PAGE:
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20Aug/140

HTC One M8 for Windows con WP8: prezzo, scheda e uscita

HTC One M8 video anteprima esclusiva

HTC One (M8) alias HTC One 2 è la seconda versione dello smartphone top di gamma del produttore taiwanese che è stato presentato ufficialmente ieri sera 25 marzo e che sarà in uscita in commercio ad Aprile per un prezzo di 729 euro (pre-ordine già attivo su Amazon). Punterà su una scocca metallica forgiata da un unico pezzo, aggiunge finalmente l'espansione di memoria via microSD, migliora la fotocamera Ultrapixel e il sensore frontale. Ecco il nostro video di anteprima.

HTC One M8 for Windows è davvero in uscita: stiamo ovviamente parlando della versione con sistema operativo Windows Phone del premiato topclass dei taiwanesi con Android, HTC One M8. Non cambia praticamente niente della scheda tecnica con caratteristiche che rimarrebbero le stesse, salvo ospitare appunto l’OS di Microsoft. Anche se il nome sarebbe stato perfetto come HTC One W8 con l’8 che ben si accoppierebbe con la W di WP riproponendo lo stesso numero già visto con M8, alla fine si è optato per la soluzione meno appetibile, ma più pratica. HTC One M8 for Windows, come rumoreggiato, è stato al centro della presentazione di oggi 19 agosto con l’operatore americano Verizon. Tuttavia, ora che ha passato la certificazione Wi-Fi sembra che sia a un passo dall’ufficialità e pronto anche al debutto internazionale. Scopriamo di più su scheda e prezzo.

Secondo quando lasciato intendere dai principali rumors online, HTC One M8 for Windows potrebbe addirittura già uscire negli USA il prossimo 21 agosto, con l’operatore Verizon Wireless per un prezzo di 99 dollari con un contratto biennale. Da tempo si chiedeva una versione con Windows Phone dell’apprezzato e premiato HTC One M8 e già da qualche giorno è emerso che il nome scelto fosse l’improponibile “HTC One M8 for Windows”, che però non è che sia così facilmente memorizzabile e soprattutto vendibile. Il terminale non cambia molto dunque dato che offrre sempre il doppio altoparlante BoomSound, la speciale Duo camera con doppio sensore e connessione veloce LTE, con la scocca metallica seducente e sottile del dispositivo per Android HTC One M8 (vedi la nostra anteprima).

In più, grazie a Windows Phone e alle novità in arrivo, dovrebbe anche supportare la tecnologia per la comunicazione Voice-over-LTE (VoLTE). Le caratteristiche tecniche dovrebbero dunque proporre un processore quad core di Qualcomm, uno Snapdragon 801 da 2.3GHz con una Ram da 2GB, display da 5 pollici a risoluzione Full HD 1920×1080 pixel con un pannello SLCD 3 con vetro Gorilla Glass 3, fotocamera Ultrapixel, doppia, con sensore da 4 megapixel (1/3.0″ , apertura f/2.0, dimensione dei pixel 2µm), sensore secondario e con fotocamera frontale da 5 megapixel, infine, batteria da 2600mAh, GPS, Wi-fi, Bluetooth e NFC. Infine, dimensioni di 70.6 x 146.36 x 9.35 mm per 160 grammi di peso. L’assistente vocale Google Now è sostituito da Cortana.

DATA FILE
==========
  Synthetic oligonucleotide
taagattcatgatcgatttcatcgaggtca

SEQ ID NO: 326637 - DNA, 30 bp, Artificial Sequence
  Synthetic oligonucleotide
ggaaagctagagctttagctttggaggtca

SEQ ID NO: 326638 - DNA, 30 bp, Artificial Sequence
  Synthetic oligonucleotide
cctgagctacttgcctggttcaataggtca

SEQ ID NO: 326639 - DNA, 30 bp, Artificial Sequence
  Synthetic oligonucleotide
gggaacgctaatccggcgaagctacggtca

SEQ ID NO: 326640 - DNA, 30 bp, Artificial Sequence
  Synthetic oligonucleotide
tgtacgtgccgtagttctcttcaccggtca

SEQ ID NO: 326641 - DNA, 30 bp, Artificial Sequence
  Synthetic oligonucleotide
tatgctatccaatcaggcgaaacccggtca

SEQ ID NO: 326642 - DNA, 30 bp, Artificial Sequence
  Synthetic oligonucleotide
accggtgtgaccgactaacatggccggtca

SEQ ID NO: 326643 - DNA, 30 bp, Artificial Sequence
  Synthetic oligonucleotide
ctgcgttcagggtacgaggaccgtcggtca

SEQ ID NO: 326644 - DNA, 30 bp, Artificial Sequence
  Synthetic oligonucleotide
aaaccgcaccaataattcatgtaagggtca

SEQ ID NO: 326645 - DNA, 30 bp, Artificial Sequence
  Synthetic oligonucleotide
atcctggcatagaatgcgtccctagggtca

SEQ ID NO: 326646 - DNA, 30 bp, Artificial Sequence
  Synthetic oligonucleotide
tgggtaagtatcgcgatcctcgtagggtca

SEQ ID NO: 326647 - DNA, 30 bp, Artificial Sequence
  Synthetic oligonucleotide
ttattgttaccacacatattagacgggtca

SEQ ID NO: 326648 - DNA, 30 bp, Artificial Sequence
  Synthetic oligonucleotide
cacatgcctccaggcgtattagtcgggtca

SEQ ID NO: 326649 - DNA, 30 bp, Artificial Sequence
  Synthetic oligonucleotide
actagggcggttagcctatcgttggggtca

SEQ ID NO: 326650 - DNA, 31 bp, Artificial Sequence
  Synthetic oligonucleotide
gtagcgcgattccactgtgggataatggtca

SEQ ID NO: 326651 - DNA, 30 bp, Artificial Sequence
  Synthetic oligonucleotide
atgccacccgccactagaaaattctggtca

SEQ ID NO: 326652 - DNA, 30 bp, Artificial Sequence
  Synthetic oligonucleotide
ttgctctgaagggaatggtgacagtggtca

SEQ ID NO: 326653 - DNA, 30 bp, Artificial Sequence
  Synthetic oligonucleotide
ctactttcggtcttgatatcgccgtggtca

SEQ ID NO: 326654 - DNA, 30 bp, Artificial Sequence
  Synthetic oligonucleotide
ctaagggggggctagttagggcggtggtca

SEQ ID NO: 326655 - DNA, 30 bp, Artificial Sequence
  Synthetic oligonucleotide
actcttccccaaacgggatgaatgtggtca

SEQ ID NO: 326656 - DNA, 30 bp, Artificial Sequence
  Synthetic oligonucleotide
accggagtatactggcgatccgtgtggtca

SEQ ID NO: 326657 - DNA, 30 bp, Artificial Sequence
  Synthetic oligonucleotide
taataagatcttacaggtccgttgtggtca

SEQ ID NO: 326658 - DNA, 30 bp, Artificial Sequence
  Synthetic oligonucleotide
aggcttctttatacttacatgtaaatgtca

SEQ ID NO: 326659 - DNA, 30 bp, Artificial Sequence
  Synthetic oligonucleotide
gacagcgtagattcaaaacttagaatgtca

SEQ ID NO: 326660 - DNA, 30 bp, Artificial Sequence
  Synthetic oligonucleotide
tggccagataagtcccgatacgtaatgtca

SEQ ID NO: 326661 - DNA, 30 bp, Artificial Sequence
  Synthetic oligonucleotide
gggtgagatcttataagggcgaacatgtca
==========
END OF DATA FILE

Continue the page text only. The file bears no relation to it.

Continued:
Ecco il riepilogo:

  • Sistema operativo Windows Phone 8.1
  • Schermo touchscreen da 5 pollici a risoluzione Full HD 1920×1080 pixel di natura SLCD 3 con vetro Gorilla Glass 3
  • Fotocamera Ultrapixel da 4 megapixel (sensore da 1/3.0″ , apertura f/2.0, dimensione dei pixel 2µm) frontale da 5 megapixel
  • Batteria da 2600mAh
  • GPS, Wi-fi, Bluetooth e NFC
  • Memoria da 16GB espandibile via microSD
  • Processore quad core di Qualcomm, uno Snapdragon 801 da 2.3GHz con una Ram da 2GB
  • Dimensioni 70.6 x 146.36 x 9.35 mm per 160 grammi

http://www.tecnocino.it/2014/08/articolo/htc-one-m8-for-windows-con-wp8-prezzo-scheda-e-uscita/53005/

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20Aug/140

YouTube Music Key: il nuovo modo per ascoltare musica

Circolano da tempo le voci di corridoio secondo cui Google abbia in mente di progettare uno streaming musicale legale da associare al servizio YouTube, ma adesso questa novità sembra essere più vicina che mai. In effetti ora abbiamo tutti i dettagli del progetto, persino il nome. Il servizio si chiama YouTube Music Key (e non Music Pass come era stato precedentemente accennato) e sarà in abbonamento a 9.99 dollari al mese. Proprio come Spotify, gli utenti avranno diritto ad un periodo di prova di 30 giorni. Per risparmiare batteria, sarà possibile inoltre di ascoltare l’audio in background e anche la funzione offline sarà disponibile per chi non è sempre connesso ad una rete. Gli annunci pubblicitari non sono previsti, per cui un abbonamento “free” è da escludere a priori.